Wildlife photographer Paul Goldstein completes Everest marathon carrying 9ft tiger

Tiger Man did it!

British wildlife photographer Paul Goldstein completed the grueling Everest Marathon on May 29 with his trusty 9ft tiger on his back.

The Wimbledon-based environmentalist has already run an incredible 19 charity marathons in the distinctive outfit.

British wildlife photographer Paul Goldstein completed the grueling Everest Marathon on Sunday with his trusty 9ft tiger on his back.
Paul Goldstein/Zenger

For what he said would be his last race, Goldstein chose what is considered one of the highest and most difficult races in the world, with a starting point at 5,364 meters (17,598 feet) at the above sea level.

It took around 12 hours for the 59-year-old to finish 140th to cross the finish line, although he adds: “141st, as the tiger crossed the line right in front of me – by a hair. “

Paul Goldstein completes Everest Marathon
British wildlife photographer Paul Goldstein completed the grueling Everest Marathon on Sunday with his trusty 9ft tiger on his back.
Paul Goldstein/Zenger

It was an 11-day ascending trek to even start, which included two nights of camping on the Khumbu Mobile Ice Shelf at Everest Base Camp.

Goldstein, who raises money for his charity Worth More Alive, explains: “The campaign started 12 years ago with the London Marathon. Since then, he has run 19 marathons and climbed Kilimanjaro. It was his 20th and last and should be the hardest. challenge.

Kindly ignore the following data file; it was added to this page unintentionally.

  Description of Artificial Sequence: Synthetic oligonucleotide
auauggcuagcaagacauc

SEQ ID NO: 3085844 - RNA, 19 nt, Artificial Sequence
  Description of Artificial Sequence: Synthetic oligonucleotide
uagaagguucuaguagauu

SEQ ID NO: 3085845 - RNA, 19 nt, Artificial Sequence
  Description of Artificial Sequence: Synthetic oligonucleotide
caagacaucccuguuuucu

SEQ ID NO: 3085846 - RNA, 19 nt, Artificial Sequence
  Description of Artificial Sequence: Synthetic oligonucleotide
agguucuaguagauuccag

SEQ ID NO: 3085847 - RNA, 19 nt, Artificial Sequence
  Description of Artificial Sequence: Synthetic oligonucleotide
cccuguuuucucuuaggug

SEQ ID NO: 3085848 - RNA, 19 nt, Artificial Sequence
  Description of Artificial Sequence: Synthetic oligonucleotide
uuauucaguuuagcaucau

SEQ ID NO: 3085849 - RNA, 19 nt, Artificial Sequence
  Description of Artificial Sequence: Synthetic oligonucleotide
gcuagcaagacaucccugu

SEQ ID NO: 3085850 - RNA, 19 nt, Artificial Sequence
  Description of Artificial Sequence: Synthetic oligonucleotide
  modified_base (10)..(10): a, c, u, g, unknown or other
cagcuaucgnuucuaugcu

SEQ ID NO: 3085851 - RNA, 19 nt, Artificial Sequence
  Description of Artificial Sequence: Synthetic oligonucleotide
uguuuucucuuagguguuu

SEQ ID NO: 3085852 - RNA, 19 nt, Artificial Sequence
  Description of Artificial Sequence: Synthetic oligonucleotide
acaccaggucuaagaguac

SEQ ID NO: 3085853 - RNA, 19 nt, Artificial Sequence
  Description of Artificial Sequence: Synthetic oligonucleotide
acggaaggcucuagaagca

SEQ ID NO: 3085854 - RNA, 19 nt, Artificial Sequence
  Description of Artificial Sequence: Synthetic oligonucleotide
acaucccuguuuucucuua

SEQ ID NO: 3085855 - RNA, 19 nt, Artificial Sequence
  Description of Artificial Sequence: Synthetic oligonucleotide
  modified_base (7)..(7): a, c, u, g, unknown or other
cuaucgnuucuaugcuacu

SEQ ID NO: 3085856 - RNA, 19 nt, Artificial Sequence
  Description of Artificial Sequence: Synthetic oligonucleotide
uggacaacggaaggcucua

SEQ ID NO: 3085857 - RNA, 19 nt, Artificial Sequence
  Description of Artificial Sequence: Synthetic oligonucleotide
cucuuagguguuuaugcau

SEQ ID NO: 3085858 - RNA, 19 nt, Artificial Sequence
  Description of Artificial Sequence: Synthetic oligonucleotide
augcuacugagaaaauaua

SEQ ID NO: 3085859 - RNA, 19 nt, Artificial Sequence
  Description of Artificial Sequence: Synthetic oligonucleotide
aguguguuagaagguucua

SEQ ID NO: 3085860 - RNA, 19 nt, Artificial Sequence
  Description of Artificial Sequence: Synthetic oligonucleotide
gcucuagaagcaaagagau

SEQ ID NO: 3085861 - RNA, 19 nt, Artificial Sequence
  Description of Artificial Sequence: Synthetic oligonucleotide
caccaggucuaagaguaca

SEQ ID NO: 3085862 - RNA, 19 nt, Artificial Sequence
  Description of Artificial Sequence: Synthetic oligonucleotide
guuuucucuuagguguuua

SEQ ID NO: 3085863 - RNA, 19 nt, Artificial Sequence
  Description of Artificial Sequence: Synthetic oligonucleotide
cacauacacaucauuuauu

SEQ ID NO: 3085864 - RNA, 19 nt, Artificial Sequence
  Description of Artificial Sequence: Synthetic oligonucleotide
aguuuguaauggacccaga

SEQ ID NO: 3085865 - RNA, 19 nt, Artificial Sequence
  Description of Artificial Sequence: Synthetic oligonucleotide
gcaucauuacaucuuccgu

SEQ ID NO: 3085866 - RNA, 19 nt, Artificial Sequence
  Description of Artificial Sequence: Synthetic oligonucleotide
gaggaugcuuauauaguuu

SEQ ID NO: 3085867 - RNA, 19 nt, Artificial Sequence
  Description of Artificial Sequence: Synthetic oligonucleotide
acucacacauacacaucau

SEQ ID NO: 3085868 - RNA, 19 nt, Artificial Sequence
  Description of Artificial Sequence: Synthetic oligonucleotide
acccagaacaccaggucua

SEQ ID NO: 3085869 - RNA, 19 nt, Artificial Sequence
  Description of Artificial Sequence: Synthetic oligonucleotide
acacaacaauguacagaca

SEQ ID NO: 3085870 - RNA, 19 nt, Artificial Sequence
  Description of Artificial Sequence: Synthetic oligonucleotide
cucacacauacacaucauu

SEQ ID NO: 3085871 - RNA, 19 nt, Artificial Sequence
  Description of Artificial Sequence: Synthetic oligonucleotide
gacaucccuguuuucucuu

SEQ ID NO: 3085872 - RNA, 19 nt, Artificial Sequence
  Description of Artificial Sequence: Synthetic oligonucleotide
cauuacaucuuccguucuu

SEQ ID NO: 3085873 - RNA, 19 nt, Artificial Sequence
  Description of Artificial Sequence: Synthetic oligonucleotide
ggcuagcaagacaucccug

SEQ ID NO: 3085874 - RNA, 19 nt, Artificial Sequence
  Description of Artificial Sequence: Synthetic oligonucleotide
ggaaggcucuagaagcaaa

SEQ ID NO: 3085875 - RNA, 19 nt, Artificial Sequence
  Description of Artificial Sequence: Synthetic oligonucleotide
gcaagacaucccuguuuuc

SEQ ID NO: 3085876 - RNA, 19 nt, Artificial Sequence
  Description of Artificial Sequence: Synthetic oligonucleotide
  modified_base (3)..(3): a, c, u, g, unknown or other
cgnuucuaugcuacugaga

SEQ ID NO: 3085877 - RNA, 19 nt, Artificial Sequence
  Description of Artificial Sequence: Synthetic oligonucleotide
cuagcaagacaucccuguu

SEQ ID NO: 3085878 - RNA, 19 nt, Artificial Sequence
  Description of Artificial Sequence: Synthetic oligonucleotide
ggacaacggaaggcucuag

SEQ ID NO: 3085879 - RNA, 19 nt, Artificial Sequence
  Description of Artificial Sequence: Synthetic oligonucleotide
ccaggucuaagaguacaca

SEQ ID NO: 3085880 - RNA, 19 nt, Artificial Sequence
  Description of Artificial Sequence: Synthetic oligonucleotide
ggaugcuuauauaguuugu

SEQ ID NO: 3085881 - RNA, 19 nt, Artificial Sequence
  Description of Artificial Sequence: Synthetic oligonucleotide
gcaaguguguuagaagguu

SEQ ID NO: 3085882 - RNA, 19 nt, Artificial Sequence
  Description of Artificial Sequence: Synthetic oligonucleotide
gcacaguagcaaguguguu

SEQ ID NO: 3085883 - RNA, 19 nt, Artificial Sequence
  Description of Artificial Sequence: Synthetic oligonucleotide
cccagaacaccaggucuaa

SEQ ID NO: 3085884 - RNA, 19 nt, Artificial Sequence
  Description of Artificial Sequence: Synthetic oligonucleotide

“I’ve battled disease, cold, wind and altitude, tigers face much more difficulty: they’ve been mistreated for years and many continue to live in hideous incarcerations or apartments like pets. Their body parts continue to be harvested, and until that changes, they will continue to be persecuted.

“They are worth so much more alive than dead on the poacher’s or dealer’s slab. This campaign raised hundreds of thousands of pounds, I hope it raised awareness but I ran my last marathon in it.”

The night before the marathon, Goldstein reported, “Everest Base Camp, a collection of ragged tents on a moving glacier. I woke up several times in the night: part cold, part uncontrollable screams of a runner – six were evacuated by helicopter yesterday – perhaps it was the crack and concussion of a distant avalanche or the rumble of storms further down the mountain or the crack and groan of Khumbu ice.”

Paul Goldstein completes Everest Marathon
British wildlife photographer Paul Goldstein completed the grueling Everest Marathon on Sunday with his trusty 9ft tiger on his back.
Paul Goldstein/Zenger

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